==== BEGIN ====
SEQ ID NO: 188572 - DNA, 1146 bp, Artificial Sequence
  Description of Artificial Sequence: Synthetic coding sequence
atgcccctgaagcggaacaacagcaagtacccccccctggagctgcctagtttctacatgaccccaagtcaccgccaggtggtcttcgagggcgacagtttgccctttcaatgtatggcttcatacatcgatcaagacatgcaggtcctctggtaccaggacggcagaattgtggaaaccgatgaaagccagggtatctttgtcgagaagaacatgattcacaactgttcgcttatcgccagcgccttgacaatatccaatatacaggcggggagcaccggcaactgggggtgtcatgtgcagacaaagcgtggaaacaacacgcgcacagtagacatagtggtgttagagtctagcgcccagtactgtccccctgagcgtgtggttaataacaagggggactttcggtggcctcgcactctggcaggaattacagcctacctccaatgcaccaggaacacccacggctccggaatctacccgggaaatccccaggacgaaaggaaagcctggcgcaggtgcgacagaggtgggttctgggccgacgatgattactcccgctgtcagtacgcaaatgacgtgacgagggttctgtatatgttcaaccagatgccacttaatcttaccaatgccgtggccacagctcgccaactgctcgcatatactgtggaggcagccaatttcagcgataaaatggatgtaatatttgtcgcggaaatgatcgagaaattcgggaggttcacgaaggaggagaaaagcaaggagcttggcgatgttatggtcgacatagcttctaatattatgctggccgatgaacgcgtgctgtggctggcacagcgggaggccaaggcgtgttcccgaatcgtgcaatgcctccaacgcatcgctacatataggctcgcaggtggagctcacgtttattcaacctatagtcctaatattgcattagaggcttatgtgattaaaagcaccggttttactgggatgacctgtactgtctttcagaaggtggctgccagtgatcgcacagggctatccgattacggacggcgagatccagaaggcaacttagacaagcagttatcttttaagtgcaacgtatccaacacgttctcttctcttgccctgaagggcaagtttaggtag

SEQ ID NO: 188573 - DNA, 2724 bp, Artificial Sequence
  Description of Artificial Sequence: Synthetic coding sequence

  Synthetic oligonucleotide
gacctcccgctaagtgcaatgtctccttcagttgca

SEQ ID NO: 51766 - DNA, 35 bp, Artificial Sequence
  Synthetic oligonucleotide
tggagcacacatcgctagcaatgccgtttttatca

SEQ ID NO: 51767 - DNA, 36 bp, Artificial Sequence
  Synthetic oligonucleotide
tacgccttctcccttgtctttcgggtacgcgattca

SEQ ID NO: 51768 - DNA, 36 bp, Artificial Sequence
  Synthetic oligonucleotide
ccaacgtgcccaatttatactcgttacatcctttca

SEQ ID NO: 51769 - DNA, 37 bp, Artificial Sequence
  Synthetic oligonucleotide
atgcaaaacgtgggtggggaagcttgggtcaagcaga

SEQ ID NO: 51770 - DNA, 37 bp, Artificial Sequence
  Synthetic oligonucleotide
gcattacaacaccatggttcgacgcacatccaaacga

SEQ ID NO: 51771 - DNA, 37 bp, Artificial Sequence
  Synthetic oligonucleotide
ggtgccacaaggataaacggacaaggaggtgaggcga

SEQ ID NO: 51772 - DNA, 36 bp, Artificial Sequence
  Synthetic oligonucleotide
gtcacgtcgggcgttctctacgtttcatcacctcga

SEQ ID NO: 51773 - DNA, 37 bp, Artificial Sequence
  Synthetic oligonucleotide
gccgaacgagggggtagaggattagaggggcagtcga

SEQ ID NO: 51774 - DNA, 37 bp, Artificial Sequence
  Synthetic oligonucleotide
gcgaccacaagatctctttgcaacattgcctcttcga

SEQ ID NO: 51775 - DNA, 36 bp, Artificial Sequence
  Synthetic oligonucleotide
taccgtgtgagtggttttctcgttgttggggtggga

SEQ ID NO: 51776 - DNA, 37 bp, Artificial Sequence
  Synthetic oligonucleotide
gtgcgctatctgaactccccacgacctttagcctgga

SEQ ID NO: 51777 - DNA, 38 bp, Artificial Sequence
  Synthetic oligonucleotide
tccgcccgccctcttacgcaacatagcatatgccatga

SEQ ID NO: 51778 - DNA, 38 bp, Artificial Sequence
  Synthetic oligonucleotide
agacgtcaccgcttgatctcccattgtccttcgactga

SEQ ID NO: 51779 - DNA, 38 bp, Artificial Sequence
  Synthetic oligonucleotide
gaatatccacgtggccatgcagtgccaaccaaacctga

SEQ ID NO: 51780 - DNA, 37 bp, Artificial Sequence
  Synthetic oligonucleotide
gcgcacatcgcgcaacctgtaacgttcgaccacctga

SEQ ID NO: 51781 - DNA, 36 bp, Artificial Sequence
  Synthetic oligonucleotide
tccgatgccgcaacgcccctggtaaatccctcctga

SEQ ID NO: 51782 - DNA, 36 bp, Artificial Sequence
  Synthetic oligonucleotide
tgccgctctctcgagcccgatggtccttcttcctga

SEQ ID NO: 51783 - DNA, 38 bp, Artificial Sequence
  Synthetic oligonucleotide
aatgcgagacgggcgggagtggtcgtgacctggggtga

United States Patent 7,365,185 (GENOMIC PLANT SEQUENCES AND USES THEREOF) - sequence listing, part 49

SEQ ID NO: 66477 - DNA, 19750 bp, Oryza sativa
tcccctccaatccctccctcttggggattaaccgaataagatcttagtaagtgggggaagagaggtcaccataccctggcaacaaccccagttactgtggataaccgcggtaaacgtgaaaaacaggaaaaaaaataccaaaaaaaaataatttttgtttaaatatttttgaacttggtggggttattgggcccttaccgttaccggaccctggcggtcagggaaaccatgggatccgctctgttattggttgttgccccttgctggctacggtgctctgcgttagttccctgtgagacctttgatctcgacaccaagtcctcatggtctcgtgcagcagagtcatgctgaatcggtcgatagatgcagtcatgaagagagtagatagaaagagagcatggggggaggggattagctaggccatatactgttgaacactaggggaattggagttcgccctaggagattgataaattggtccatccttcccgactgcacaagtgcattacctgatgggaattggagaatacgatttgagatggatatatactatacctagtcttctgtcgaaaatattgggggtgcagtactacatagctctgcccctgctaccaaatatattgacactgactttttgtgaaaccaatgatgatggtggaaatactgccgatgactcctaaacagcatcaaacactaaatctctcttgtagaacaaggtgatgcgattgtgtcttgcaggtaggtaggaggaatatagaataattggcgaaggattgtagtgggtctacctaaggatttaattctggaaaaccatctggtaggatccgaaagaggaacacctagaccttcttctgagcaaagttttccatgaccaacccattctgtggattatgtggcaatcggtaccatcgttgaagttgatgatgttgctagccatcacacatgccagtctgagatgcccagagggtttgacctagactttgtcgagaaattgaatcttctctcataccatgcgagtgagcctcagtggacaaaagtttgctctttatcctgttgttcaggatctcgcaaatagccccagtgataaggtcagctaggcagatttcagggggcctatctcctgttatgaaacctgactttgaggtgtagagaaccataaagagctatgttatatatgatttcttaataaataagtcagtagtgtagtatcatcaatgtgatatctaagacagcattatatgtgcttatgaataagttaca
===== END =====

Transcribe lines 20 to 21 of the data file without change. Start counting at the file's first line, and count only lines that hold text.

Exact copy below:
SEQ ID NO: 51770 - DNA, 37 bp, Artificial Sequence
  Synthetic oligonucleotide